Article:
Aquatic invasive species (also known as aquatic nuisance species) are one of the biggest threats facing the Great Lakes and their fisheries and wildlife. Invasive species like the zebra mussel are causing unacceptable environmental and economic damage. New invasive diseases, such as Viral Hemorrhagic Septicemia (VHS) threaten to devastate Great Lakes fisheries. Aquatic invasive species in the Great Lakes can often be traced to ships’ ballast water discharges. The problem is both historic and ongoing, as the Great Lakes are now infested with over 180 aquatic invasive species and a new invasive species comes into the Great Lakes, on average, about once every six months. The costs of aquatic invasive species to the Great Lakes region are staggering, as the region is spending tens of millions of dollars to combat the billions of dollars in damage they cause.
The federal government has recognized the problem but failed to solve it. Federal law gives the U.S. Coast Guard regulatory authority to address ballast water discharges, but exemptions in the regulatory program have undermined its success. More recently, a federal court in California held that ballast water discharges are subject to the Clean Water Act, but the ruling is being appealed and the US EPA has not yet exercised its regulatory authority.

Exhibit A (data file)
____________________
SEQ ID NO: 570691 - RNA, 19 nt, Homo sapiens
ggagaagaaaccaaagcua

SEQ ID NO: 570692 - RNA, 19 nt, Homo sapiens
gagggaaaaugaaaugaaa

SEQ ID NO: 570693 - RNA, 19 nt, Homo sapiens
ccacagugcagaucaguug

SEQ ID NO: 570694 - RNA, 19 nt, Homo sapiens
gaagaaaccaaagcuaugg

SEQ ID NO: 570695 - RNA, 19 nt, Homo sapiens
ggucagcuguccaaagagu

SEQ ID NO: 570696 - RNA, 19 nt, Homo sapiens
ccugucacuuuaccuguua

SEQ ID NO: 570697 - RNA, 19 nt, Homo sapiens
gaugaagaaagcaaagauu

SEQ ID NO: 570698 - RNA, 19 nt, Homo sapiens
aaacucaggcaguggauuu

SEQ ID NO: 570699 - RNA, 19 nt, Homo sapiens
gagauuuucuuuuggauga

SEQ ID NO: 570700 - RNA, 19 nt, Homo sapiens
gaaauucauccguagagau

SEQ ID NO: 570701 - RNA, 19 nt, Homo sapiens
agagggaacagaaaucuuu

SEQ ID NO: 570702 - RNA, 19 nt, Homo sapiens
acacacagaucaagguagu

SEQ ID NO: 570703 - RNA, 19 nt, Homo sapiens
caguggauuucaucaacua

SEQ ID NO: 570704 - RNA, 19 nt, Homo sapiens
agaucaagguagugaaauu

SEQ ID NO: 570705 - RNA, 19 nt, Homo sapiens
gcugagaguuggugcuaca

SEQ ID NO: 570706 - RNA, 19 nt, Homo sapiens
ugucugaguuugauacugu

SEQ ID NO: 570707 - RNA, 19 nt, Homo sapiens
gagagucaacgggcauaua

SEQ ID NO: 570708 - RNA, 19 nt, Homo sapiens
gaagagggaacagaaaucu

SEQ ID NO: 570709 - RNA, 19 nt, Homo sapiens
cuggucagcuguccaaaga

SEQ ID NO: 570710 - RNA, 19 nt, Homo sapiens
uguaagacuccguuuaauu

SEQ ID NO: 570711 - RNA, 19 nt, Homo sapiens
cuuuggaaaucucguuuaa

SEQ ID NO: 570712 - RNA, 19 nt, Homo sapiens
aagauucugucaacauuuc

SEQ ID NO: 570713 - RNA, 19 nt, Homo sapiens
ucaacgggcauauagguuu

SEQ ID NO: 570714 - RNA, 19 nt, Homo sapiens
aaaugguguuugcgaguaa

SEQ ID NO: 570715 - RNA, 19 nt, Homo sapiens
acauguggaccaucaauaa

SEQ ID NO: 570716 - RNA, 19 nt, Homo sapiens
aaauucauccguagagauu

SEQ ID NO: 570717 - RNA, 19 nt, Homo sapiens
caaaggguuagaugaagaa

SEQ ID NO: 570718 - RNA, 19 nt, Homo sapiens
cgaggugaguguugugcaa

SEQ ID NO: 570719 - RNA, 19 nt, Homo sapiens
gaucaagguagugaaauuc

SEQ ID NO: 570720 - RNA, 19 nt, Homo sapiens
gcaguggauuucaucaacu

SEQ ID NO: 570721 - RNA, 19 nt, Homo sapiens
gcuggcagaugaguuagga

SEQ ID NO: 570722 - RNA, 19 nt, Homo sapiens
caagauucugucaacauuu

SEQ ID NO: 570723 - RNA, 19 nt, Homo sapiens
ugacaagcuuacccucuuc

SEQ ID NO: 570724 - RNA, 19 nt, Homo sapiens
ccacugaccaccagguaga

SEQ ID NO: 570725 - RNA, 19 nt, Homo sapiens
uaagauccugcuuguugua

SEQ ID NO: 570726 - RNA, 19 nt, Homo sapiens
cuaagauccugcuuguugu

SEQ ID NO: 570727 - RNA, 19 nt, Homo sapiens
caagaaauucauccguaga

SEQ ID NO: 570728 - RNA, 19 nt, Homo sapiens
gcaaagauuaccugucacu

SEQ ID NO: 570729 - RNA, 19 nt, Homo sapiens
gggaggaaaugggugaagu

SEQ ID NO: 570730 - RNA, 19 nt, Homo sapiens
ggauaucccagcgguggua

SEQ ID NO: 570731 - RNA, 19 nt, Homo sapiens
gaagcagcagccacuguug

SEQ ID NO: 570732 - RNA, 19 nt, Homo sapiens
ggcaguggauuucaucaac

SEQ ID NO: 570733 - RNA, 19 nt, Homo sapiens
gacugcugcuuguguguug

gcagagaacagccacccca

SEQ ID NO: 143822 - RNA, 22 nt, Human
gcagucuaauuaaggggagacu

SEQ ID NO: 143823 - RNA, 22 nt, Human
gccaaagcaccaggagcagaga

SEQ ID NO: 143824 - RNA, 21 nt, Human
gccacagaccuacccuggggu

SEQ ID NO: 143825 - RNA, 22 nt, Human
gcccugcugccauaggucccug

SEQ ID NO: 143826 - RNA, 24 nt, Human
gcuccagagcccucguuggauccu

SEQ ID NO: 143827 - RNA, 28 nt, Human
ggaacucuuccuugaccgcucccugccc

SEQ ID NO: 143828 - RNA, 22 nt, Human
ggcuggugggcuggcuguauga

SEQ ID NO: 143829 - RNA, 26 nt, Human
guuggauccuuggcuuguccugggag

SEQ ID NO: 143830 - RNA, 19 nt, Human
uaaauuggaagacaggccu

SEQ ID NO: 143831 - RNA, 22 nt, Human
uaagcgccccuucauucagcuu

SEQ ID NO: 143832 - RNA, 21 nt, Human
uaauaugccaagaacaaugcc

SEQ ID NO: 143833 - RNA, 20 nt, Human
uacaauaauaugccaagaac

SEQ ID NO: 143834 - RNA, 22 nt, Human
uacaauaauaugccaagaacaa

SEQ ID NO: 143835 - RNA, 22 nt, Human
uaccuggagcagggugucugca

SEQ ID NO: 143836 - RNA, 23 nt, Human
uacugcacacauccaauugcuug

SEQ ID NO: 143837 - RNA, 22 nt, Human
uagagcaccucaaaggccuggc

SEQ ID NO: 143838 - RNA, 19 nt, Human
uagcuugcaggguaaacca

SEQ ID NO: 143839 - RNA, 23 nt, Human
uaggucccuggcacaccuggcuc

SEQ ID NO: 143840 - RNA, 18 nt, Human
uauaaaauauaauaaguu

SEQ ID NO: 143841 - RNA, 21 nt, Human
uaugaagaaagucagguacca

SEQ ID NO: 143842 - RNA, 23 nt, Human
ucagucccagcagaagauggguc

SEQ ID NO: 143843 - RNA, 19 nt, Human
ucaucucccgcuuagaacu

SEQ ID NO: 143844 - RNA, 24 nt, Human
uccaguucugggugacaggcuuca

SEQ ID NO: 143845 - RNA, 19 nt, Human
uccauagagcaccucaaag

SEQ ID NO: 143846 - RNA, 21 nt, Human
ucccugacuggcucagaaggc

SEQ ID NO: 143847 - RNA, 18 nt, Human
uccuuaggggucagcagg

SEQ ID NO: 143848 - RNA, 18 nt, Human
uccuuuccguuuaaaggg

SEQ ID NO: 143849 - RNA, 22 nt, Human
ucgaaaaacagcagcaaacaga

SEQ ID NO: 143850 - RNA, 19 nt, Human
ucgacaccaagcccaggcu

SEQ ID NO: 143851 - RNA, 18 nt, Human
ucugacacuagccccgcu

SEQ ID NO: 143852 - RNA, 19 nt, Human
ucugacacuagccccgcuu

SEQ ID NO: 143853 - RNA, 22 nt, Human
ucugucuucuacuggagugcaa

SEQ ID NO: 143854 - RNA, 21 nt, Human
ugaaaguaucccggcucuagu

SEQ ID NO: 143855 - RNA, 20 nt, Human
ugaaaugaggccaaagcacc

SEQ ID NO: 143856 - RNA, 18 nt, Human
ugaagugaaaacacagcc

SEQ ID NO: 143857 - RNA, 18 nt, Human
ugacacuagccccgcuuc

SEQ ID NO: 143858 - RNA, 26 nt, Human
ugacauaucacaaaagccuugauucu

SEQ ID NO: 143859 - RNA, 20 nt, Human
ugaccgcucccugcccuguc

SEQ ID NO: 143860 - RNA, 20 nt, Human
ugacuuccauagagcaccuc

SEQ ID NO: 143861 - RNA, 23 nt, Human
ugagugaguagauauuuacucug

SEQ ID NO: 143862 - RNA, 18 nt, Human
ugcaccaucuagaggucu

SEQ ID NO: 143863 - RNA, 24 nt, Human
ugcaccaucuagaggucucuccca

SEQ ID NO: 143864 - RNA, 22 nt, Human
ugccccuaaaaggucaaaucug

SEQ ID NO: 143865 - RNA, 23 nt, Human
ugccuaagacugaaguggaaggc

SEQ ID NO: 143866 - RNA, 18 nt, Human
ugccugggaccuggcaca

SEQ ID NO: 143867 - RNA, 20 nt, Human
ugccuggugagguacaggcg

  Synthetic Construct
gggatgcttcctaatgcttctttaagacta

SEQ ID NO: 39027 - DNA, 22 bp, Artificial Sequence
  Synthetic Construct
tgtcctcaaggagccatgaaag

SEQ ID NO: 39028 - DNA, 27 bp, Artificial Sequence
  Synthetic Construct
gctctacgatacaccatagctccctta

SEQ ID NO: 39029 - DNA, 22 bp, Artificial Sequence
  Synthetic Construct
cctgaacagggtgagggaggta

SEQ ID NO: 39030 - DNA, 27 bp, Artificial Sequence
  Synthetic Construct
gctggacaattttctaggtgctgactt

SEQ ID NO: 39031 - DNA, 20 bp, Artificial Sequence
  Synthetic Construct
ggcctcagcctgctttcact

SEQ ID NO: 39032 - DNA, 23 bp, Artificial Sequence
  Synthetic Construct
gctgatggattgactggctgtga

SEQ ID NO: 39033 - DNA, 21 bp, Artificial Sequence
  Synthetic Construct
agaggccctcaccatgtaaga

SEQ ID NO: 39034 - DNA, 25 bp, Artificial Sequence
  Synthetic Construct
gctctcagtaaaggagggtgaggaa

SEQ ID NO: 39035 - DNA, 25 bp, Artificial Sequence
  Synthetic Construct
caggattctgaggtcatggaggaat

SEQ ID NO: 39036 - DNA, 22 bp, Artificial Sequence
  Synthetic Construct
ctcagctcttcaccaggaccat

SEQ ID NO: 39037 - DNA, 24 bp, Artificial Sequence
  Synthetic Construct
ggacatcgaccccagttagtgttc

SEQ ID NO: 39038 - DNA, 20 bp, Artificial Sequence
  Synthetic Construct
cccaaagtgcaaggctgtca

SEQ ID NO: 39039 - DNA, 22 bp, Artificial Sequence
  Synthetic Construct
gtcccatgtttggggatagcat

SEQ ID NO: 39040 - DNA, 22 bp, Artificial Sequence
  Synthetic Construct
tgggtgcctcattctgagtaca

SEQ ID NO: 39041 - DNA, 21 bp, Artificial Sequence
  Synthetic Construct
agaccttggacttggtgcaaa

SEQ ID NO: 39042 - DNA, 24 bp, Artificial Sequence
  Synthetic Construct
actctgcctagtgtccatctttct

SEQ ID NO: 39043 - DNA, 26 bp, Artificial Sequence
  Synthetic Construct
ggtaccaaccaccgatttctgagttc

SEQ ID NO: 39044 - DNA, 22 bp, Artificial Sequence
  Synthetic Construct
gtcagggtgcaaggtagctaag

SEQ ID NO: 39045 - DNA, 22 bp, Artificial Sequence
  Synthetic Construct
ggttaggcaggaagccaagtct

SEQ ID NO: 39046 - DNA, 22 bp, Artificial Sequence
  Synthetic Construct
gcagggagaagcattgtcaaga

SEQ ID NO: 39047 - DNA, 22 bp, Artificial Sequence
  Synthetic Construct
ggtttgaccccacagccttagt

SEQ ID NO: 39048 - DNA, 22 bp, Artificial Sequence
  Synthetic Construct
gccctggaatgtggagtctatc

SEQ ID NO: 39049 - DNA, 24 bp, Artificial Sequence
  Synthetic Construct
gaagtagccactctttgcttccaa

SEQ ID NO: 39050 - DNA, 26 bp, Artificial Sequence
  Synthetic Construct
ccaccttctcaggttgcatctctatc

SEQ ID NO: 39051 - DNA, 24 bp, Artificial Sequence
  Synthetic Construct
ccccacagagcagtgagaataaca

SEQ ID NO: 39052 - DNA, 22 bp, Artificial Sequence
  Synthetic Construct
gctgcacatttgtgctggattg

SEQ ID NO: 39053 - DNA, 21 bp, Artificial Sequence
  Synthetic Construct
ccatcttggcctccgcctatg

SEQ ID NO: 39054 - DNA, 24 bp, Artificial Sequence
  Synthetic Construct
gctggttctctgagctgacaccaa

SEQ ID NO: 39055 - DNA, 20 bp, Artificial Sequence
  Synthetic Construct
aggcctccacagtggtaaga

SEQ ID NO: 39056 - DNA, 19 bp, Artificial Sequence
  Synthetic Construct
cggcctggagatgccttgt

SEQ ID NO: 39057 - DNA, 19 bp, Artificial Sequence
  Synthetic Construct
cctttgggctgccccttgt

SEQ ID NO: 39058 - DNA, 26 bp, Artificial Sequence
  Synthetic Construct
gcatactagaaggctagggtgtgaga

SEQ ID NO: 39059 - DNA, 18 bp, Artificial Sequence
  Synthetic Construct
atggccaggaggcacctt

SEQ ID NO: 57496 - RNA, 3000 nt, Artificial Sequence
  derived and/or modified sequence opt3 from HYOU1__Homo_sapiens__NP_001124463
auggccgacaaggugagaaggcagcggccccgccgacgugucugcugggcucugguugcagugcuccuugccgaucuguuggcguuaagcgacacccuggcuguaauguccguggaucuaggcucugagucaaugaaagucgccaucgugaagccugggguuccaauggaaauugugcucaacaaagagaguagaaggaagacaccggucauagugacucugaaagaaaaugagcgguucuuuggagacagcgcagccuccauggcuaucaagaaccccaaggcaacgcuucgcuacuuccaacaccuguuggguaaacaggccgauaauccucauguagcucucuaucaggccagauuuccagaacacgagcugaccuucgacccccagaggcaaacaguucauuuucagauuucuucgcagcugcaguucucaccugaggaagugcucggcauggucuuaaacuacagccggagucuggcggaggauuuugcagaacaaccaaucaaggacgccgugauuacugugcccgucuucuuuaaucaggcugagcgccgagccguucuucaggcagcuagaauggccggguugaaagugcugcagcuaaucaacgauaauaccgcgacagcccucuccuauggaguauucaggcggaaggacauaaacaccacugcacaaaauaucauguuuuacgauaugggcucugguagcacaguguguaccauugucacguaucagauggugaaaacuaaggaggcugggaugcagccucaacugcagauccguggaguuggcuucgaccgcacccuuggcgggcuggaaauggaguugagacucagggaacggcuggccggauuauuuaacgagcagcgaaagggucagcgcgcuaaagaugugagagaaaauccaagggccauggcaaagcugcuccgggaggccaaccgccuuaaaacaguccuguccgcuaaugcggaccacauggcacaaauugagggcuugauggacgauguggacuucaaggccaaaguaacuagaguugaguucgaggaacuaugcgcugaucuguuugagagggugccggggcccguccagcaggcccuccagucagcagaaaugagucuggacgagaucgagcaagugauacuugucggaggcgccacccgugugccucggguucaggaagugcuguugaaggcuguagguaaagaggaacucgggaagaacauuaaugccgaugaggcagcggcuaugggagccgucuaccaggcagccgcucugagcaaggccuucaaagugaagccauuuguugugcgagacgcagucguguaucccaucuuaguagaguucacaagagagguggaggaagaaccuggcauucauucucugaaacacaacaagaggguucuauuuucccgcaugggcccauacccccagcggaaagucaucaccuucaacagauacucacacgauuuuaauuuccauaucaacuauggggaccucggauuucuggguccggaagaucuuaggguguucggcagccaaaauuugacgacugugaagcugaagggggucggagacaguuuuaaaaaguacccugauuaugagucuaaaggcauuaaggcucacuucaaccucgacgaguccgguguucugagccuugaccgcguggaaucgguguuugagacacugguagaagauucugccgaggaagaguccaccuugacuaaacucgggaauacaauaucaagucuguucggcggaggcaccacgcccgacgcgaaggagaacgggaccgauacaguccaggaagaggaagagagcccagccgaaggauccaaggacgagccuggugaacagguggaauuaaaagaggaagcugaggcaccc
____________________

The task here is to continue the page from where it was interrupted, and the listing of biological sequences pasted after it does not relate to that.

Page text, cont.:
So states and conservation groups are taking legal action to stop the spread of invasive species in the Great Lakes. Michigan passed a law that took effect in January 2007 requiring vessels that discharge ballast water to use specified technologies to prevent the introduction of invasive species into the Great Lakes. Shipping companies challenged the law, but a federal district court upheld it. The case is now on appeal (and full disclosure – I’m representing a group of state lawmakers including the primary sponsor and author of the law, Michigan State Senator Patty Birkholz, in the litigation).
This week, a state court in Minnesota ruled that the Minnesota Pollution Control Agency (MPCA) must take steps to regulate ballast water discharges pursuant to state and federal law, building on the federal court ruling from California. The case was brought by the Minnesota Center for Environmental Advocacy, one of the most effective environmental groups in the country. Even before the court’s ruling, the MPCA had issued a draft permit to regulate ballast water discharges into the Minnesota waters of Lake Superior and associated harbors. The MPCA recognized that “federal law does not regulate ballast water discharges and existing federal ballast water management requirements and policies have not been effective in preventing biological invasions in the Great Lakes.” The court’s ruling makes clear that the MPCA has the authority and the duty to regulate ballast water discharges to protect the Great Lakes from aquatic invasive species.